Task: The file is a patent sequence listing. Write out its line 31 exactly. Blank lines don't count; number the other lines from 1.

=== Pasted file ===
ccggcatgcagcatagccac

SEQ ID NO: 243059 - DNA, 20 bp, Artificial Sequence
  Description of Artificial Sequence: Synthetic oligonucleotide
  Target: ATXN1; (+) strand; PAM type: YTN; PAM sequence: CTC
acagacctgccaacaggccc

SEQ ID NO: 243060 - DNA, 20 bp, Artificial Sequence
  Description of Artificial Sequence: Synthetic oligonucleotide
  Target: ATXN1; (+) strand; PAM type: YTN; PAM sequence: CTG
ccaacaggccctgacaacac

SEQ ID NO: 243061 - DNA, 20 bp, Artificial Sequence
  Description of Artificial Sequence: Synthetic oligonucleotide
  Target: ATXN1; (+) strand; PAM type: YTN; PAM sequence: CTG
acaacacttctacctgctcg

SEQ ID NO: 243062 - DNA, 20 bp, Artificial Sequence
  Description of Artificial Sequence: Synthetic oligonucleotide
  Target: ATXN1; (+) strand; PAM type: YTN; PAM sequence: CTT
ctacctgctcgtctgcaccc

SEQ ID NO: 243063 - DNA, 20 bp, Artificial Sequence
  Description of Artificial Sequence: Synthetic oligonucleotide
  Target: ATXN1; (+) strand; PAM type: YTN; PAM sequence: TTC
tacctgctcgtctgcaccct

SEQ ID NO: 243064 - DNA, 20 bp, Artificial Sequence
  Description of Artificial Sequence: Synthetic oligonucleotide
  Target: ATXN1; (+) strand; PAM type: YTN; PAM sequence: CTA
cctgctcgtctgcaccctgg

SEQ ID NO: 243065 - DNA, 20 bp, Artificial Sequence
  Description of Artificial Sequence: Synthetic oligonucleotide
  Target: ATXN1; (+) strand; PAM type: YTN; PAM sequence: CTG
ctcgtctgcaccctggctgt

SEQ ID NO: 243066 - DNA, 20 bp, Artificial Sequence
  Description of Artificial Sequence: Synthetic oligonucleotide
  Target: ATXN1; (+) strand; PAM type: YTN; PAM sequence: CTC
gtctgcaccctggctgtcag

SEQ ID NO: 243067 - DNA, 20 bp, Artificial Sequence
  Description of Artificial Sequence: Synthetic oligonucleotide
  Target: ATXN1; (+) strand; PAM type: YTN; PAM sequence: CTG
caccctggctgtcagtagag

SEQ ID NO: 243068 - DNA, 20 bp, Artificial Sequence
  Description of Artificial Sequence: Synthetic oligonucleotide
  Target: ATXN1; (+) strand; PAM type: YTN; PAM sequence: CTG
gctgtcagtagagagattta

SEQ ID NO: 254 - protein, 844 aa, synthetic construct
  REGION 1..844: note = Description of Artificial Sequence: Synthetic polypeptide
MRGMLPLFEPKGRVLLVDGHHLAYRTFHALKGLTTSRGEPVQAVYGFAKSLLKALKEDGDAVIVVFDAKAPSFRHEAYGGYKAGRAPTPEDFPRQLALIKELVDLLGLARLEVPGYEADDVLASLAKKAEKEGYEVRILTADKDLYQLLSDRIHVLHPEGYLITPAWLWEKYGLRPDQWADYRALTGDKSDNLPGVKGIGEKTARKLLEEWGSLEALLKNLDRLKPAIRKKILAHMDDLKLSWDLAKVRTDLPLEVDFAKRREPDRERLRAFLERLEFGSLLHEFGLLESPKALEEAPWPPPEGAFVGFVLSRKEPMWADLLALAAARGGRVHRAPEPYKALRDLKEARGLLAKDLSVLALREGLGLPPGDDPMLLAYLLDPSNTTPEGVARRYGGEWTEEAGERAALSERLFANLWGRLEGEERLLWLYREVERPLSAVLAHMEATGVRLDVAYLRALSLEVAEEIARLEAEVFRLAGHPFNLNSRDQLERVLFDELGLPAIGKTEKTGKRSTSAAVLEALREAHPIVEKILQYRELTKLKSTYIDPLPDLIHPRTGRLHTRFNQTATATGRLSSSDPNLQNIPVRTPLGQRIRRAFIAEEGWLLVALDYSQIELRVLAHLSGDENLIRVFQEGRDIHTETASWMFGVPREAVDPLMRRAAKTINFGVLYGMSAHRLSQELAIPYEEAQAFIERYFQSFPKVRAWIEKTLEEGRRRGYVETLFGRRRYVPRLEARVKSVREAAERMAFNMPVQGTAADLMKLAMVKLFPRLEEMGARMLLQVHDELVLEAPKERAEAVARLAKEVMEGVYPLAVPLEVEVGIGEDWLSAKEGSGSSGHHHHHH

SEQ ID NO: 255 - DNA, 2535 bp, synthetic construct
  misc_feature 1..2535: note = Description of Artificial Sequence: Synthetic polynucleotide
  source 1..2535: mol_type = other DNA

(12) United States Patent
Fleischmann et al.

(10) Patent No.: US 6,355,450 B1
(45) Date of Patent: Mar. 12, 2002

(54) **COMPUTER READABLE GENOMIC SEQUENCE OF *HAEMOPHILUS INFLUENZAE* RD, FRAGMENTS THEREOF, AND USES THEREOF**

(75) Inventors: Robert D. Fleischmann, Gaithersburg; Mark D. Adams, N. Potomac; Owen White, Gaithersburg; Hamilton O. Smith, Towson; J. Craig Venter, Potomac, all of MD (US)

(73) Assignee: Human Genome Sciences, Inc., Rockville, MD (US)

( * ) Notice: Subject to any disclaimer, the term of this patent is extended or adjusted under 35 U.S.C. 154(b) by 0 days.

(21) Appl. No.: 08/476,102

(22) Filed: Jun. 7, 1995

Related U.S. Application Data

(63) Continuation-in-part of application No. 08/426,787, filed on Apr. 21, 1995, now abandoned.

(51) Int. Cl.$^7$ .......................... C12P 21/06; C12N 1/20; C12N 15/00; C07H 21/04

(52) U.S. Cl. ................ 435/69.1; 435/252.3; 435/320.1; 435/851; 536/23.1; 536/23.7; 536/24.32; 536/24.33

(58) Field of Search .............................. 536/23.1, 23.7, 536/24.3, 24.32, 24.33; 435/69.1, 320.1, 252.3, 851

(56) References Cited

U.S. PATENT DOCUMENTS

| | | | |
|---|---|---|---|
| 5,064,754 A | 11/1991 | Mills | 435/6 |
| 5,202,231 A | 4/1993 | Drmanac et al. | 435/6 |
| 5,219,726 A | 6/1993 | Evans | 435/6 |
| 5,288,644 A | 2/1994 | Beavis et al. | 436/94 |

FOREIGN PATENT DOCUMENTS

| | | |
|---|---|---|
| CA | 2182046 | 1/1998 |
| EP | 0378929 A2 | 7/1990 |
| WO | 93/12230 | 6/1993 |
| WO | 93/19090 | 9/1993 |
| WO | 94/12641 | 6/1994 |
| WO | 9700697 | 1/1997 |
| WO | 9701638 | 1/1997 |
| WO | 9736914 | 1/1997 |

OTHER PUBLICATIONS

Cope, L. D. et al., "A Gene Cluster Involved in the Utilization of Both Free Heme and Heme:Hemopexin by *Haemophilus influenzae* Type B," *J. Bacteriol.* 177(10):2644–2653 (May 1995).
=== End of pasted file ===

  Description of Artificial Sequence: Synthetic oligonucleotide